Several student-oriented papers have quoted Evelyn Waugh in their greetings to students arriving or returning to university studies:
—The Times Higher Education Supplement invited advisory Twitter messages to be posted in an effort to make first year students feel welcome. One of them offers this quote from Waugh’s Brideshead Revisited in a Twitter post from Nick Hillman:
Mine: Snakebite and black is not actually very nice.
Evelyn Waugh: ‘it was normal to spend one’s second year shaking off the friends of one’s first’.
Not sure what first part means. But the Waugh message was delivered to Charles Ryder by his older cousin and upperclassman Jasper.
–The Oxford student paper Cherwell offered an article explaining how the experiences described in the same novel should be applied in today’s Oxford:
Brideshead Revisited is not a book about Oxford: it is a book about aristocracy, religion, and death. Yet somehow, almost 75 years after it was first written, it continues to be one of the most famous fictional portrayals of life at our university. Our enduring fascination with Waugh’s portrait of university life, peppered with the drunken antics of rebellious upperclassmen, anecdotes of the eccentric and fashion forward Anthony Blanche, and the dramatic sending down of the troubled young Lord Sebastian Flyte, says something about how we see Oxford today. A clash is emerging between this traditional image of the university, and what a modern Oxford would like to be….The Oxford of Brideshead Revisited is from the 1940s. The university was definitely more exclusive in decades gone by, and it was almost certainly closer to the world that Waugh describes. But the fact that our cultural imprint is still drawing on an Oxford that no longer exists is revealing in itself. In recent times, Oxford has undergone a drive towards accessibility and diversification that has, in many ways, caused our university to change beyond recognition. There has been a vigorous emphasis on making university seem accessible to all and showing potential students that there is a place at Oxford for people of all backgrounds.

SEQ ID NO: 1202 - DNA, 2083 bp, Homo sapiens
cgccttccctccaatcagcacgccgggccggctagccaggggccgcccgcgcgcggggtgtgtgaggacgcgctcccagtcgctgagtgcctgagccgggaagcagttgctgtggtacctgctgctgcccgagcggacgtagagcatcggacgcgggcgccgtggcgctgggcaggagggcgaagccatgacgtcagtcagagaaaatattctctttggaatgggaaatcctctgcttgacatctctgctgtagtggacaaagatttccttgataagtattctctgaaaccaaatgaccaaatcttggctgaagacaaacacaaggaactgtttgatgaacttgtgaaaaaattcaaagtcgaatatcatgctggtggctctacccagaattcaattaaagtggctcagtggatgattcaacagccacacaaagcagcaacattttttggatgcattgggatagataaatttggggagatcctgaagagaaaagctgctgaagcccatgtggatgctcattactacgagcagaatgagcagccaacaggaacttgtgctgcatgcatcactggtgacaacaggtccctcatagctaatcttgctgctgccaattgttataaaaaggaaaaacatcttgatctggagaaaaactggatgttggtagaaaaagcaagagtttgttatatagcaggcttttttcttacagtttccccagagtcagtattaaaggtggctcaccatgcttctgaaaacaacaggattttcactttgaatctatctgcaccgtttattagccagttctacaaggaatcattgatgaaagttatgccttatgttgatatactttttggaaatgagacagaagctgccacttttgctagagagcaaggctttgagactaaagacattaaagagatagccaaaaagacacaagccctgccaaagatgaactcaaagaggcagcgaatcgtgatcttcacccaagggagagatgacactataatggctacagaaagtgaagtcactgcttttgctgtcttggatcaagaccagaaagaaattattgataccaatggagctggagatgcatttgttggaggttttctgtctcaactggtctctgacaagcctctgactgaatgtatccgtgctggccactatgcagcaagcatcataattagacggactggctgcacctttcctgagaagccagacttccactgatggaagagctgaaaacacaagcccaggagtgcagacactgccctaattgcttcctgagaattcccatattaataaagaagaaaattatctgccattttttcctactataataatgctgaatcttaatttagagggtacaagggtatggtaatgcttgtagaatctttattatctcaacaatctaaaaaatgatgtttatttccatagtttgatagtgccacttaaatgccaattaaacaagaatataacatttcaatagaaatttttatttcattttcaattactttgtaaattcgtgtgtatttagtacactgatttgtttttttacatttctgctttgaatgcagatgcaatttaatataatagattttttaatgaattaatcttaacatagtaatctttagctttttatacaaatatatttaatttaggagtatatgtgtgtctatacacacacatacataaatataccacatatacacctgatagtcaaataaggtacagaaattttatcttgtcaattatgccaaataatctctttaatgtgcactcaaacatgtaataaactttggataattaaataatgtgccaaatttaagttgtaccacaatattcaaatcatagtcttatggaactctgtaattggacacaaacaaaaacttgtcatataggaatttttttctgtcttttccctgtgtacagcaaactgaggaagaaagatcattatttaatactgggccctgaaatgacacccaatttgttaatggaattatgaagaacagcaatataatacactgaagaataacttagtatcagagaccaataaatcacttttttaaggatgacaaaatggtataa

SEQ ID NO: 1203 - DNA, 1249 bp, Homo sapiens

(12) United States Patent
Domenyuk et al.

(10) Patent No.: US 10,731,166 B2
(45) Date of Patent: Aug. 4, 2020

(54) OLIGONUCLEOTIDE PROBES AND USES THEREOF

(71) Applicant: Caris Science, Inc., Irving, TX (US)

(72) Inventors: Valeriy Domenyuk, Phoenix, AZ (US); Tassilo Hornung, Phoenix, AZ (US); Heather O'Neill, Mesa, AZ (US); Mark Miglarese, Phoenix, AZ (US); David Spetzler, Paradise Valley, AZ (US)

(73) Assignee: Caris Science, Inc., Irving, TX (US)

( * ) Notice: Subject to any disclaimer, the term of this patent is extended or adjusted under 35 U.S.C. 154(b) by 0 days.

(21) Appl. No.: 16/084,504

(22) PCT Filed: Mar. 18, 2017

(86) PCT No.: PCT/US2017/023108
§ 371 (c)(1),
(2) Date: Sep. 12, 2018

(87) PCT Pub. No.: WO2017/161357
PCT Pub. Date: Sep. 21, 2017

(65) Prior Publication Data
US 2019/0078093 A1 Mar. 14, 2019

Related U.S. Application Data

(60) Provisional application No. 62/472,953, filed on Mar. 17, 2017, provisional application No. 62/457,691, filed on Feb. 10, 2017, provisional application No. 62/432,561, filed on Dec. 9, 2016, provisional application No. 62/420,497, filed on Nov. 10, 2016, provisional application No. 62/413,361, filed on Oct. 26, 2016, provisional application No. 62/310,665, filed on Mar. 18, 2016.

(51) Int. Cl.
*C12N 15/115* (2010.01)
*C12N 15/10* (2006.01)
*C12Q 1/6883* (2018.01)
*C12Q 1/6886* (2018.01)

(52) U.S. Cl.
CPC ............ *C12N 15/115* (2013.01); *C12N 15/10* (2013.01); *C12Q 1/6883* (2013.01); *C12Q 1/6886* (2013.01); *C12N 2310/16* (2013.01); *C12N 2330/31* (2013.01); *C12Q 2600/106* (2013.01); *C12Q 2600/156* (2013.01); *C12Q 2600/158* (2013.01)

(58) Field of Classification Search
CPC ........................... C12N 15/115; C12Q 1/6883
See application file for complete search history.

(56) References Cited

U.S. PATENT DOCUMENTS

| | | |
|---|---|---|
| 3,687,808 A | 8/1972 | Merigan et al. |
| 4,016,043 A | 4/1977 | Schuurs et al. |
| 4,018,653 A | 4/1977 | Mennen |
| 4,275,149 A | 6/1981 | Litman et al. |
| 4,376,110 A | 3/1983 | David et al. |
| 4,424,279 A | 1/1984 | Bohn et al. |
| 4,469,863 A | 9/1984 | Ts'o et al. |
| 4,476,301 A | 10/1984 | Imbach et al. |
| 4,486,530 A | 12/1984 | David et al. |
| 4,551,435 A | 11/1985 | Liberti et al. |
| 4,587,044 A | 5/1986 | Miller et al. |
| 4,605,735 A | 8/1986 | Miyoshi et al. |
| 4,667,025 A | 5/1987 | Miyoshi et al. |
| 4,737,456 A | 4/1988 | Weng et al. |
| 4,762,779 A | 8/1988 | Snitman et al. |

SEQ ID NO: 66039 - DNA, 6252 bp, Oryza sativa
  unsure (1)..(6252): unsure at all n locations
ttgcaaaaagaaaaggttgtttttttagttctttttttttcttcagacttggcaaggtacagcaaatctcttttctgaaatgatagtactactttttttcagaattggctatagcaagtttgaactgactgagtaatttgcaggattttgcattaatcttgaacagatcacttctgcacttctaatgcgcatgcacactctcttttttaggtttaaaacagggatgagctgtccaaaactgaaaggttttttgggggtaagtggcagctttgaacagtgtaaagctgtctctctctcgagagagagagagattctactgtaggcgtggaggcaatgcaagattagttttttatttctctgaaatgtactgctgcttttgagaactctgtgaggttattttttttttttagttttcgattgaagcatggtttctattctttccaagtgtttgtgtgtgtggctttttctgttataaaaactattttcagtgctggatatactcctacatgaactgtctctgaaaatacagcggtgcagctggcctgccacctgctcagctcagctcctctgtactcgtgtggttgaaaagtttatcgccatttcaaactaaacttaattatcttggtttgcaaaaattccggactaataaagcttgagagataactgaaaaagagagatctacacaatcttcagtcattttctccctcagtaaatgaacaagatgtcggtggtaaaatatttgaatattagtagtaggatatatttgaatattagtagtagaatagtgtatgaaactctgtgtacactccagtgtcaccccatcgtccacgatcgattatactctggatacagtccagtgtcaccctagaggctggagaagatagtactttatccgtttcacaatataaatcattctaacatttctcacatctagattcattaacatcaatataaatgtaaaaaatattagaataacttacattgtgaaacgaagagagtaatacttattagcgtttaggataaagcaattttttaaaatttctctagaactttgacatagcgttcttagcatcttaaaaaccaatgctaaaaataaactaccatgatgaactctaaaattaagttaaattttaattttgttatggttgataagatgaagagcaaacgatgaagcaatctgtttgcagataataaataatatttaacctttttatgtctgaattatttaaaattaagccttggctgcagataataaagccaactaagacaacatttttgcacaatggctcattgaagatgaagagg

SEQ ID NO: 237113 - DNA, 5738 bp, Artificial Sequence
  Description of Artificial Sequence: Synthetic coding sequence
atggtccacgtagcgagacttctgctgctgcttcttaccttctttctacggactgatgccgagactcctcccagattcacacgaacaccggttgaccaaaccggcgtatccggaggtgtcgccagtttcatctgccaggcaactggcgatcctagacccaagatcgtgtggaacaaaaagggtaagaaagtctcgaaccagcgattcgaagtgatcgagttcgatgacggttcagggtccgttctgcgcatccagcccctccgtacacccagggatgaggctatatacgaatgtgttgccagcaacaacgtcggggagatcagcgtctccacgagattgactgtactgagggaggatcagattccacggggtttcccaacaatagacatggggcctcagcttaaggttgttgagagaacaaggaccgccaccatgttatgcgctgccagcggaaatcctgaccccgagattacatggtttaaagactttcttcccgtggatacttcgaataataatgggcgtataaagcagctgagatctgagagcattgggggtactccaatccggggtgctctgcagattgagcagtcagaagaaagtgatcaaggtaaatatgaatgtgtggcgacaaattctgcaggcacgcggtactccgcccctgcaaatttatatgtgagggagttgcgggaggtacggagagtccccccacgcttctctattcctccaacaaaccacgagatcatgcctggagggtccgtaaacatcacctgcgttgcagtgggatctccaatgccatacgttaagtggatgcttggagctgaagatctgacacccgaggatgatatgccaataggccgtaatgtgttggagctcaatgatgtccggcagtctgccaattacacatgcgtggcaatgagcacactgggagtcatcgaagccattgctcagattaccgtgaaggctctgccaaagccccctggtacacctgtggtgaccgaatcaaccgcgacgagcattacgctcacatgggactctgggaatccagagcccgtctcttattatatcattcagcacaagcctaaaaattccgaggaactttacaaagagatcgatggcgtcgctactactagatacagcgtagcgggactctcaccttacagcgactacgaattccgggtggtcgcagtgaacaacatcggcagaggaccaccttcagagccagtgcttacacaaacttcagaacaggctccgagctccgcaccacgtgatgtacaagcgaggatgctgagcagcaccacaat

The Oxford described in Brideshead was actually from the 1920s when Waugh was a student, not the 1940s when it was written. It would already have been becoming more accessible in the 1940s as the arrival of ex-soldiers in large numbers would have had a levelling influence. That was one of the phenomena Waugh was arguing against in the novel’s wartime scenes.
–At the University of Massachusetts, new students are urged in the Daily Collegian to read two essays by George Orwell to help them acclimate themselves to the pressures of their new environment: “Such, Such Were the Joys” and “Inside the Whale”. The former describes rather vividly Orwell’s unhappy experience at his prep school where poorer students such as him were treated more harshly. In the latter he addresses the pressures on young people of the 1930s to abandon their traditional values which were seen to have resulted in the Depression and Fascism. Some turned to Communism and others, such as Evelyn Waugh and Christopher Hollis to Roman Catholicism. These converts
…went to the church with a world-wide organization, the one with a rigid discipline, the one with power and prestige behind it…It was simply something to believe in.
The article describes Orwell’s essay as:
…a history of British literature during the first half of the 20th century. More precisely, it is a series of Orwell’s opinions on the matter. He calls poet A.E. Housman’s poems “hard cheese” and implies that novelist Evelyn Waugh converted to Catholicism for the “prestige.” He also manages to chart the troubling development of the British communist movement, as you do. Here, readers may recognize his critiques from his novella, “Animal Farm”… But do not think for a moment that there is nothing new here. If anything, since he is writing expository prose rather than fiction, he offers a fuller and more nuanced presentation of those same themes and tracking them as they appear here proves pleasurable.